Rich Tucker

New Orleans is under water. Thousands of people are feared dead. The city may be unlivable for months. This may be the greatest disaster in American history.

Can this really be President Bush’s fault?

Even before we knew just how bad things were, the left began attacking. On Aug. 29, as Hurricane Katrina was still moving across the south, Robert F. Kennedy Jr. dropped a line to HuffingtonPost.com. He attacked the Bush administration for deciding not to treat CO2 as a pollutant, a decision Kennedy says was influenced by Mississippi’s current governor, Haley Barbour.

“Now we are learning what it’s like to reap the whirlwind of fossil fuel dependence, which Barbour and his cronies have encouraged,” Kennedy wrote. “Our destructive addiction has given us a catastrophic war in the Middle East and -- now -- Katrina is giving our nation a glimpse of the climate chaos we are bequeathing to our children.”

Okay, let’s call Kennedy’s bluff. Let’s imagine that, in 2001, President Bush had outlawed all automobiles, buses and trucks. And that he had shut down all coal-, oil- and natural gas-fired power plants. Doing so would have marginally trimmed carbon dioxide emissions over the last four-and-a-half years.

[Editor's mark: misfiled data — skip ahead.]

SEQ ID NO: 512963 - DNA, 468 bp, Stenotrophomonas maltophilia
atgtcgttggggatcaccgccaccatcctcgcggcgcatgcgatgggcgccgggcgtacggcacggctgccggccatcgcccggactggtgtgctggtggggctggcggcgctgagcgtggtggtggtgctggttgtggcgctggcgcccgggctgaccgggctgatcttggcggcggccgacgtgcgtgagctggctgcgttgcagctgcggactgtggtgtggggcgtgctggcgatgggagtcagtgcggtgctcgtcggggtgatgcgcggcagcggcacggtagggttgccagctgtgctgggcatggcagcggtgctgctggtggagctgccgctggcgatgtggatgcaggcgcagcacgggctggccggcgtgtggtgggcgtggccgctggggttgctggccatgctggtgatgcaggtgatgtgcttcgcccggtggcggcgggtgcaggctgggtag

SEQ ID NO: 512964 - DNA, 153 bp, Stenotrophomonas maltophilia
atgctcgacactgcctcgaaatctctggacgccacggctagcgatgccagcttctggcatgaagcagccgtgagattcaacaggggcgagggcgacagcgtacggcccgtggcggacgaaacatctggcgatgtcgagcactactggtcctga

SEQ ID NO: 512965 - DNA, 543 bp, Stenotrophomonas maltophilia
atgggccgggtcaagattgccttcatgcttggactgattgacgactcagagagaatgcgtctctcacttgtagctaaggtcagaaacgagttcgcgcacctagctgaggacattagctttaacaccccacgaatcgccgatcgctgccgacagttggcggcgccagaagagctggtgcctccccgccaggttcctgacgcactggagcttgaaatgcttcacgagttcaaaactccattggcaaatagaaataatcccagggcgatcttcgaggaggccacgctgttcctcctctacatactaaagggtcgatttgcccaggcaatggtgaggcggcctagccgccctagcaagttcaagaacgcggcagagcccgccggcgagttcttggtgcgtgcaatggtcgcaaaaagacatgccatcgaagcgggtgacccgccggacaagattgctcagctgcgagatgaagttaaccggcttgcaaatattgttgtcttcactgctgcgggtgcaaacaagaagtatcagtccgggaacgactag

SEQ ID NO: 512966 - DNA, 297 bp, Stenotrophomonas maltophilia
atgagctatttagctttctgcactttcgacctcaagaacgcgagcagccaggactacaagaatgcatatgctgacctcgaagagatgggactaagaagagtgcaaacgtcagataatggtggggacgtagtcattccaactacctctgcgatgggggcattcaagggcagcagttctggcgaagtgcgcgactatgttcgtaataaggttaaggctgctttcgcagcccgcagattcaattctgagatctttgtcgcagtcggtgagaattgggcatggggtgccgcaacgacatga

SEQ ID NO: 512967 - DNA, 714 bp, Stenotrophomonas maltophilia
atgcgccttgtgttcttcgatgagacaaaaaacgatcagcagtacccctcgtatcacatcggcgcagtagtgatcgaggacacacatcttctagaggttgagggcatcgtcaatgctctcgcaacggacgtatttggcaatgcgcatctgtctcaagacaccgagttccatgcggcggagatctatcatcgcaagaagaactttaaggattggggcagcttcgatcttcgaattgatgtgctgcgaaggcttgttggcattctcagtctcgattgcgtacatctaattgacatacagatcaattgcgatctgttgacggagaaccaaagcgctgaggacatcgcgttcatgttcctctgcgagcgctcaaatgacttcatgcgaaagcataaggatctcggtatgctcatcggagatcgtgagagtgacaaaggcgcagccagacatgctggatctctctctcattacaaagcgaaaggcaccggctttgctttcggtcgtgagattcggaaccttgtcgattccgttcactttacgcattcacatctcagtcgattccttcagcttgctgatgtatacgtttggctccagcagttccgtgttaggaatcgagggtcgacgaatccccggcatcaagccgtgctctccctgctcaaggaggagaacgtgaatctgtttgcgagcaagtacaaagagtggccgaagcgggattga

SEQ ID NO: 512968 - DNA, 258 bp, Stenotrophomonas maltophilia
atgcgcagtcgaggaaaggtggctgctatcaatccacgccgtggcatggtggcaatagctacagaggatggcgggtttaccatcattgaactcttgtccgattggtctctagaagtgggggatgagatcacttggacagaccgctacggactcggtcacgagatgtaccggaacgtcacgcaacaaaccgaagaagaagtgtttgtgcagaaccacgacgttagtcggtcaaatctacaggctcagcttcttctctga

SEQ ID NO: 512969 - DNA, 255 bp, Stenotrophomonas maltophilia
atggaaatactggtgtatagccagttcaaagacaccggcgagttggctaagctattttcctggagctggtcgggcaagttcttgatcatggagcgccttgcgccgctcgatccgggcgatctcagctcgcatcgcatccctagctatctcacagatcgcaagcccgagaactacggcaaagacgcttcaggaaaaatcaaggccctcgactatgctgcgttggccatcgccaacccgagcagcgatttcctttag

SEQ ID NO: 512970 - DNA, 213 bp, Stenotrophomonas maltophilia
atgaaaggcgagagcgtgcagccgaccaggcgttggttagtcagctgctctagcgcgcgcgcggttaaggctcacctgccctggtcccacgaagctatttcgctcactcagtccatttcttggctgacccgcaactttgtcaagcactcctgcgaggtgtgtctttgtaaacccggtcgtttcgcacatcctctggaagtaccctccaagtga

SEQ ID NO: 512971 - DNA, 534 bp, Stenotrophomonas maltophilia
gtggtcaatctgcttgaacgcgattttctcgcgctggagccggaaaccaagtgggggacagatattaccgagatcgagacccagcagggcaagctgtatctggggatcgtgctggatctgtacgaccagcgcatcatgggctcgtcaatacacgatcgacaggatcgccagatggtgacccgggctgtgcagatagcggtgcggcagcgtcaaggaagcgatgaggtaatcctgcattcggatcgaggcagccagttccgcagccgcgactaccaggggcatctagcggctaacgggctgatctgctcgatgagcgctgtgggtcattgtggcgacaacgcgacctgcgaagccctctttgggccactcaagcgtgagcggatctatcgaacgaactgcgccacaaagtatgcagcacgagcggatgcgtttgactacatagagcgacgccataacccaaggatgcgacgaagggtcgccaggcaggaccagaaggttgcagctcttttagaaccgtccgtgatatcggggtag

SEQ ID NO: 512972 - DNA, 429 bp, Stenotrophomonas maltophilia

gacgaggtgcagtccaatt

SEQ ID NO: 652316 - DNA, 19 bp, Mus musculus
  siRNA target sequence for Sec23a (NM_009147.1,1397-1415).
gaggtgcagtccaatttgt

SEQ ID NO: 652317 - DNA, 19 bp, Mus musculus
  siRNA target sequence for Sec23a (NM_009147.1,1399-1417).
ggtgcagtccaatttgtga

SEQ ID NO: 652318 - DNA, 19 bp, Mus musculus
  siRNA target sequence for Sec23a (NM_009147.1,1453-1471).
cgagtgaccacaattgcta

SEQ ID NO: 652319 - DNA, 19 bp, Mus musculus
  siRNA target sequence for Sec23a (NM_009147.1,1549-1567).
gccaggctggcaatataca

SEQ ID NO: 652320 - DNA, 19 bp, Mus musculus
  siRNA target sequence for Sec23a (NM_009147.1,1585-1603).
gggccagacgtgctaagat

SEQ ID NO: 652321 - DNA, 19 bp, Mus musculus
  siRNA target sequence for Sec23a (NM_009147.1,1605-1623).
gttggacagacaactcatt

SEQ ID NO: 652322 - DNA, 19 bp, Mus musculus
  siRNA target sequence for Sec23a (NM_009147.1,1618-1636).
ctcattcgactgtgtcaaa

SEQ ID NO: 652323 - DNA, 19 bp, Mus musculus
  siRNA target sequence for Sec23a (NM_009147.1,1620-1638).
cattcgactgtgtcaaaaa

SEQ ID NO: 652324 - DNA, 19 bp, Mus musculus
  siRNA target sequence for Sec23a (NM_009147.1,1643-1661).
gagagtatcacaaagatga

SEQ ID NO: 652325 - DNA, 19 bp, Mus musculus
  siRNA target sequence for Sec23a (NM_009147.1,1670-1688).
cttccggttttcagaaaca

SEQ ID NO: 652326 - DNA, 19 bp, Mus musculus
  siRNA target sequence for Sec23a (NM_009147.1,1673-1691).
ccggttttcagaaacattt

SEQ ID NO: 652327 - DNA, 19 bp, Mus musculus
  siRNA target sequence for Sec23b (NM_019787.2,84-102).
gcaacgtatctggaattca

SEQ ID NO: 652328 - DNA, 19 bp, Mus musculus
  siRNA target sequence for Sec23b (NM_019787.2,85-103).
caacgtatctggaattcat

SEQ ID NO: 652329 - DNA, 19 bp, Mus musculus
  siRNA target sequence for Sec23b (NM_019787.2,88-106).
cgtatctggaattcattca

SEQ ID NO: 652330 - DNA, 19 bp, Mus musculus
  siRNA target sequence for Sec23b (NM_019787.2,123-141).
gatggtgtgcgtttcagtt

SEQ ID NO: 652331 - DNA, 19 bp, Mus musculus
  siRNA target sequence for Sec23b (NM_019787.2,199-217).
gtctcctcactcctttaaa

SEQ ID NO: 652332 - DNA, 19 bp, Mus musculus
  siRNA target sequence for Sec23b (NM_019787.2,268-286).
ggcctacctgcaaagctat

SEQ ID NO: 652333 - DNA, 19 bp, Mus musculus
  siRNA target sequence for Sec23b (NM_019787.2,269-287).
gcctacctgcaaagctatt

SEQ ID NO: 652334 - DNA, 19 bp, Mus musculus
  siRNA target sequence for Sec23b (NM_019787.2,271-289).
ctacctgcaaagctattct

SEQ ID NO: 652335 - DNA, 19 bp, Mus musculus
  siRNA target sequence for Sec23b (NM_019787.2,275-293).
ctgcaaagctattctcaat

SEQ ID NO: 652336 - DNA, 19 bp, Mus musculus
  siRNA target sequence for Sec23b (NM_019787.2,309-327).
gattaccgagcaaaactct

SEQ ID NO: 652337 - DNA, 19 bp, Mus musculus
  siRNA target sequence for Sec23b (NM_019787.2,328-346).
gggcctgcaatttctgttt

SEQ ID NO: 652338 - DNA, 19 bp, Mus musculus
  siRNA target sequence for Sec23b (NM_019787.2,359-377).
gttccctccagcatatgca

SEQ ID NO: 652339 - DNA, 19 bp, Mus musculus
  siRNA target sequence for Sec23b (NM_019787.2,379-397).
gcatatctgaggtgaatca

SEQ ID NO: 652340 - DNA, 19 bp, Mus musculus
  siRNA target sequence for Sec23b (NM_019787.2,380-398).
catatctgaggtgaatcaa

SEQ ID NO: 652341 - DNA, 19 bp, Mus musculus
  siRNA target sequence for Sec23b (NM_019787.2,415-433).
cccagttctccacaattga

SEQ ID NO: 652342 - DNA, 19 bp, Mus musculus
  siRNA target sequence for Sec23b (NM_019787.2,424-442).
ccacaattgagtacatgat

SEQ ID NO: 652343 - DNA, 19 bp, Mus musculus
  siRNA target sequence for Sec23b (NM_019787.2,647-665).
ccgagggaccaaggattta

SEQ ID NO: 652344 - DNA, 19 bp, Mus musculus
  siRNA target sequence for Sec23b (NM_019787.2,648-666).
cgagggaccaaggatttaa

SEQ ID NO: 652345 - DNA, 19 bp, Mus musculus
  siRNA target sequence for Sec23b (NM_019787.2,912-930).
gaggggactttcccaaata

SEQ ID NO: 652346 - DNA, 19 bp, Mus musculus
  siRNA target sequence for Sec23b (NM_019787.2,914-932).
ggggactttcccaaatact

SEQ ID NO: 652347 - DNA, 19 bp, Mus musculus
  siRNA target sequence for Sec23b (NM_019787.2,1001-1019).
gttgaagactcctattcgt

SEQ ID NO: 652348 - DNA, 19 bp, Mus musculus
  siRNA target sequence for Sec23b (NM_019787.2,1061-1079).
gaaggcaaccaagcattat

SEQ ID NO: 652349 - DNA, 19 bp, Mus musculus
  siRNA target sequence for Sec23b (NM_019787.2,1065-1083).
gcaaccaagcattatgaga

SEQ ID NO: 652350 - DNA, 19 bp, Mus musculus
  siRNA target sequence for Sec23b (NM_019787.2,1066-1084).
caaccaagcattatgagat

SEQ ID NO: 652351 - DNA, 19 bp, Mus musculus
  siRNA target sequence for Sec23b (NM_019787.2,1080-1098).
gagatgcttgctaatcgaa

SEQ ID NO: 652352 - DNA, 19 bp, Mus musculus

Does anyone think this would have done anything to slow down global warming (if indeed global warming is occurring)? Of course not. Even if we had done all that, we wouldn’t have seen any results for a decade at least.

Furthermore, is there anyone who thinks eliminating those emissions would have prevented Katrina, or made the storm less severe? That idea is simply outrageous. There were hurricanes before man started burning carbon, and there will be hurricanes after man has perished from the earth.

Actually, though, had we taken the hypothetical steps outlined above, the entire country would look like New Orleans does today: No power, no transportation, no fresh food, chaos.
Our automobiles and power plants make today’s suburban, air-conditioned, well-fed lifestyle possible. It’s because they’re absent from New Orleans that the city is in chaos.

What the federal government can and should do is make our lifestyle even easier to obtain.
For example, no new oil refineries have opened in the U.S. since 1976. According to Lon Anderson, director of government relations at AAA Mid-Atlantic, “with new environmental restrictions it would probably be impossible to get permits to build a new oil refinery in America.”


Rich Tucker

Rich Tucker is a communications professional and a columnist for Townhall.com.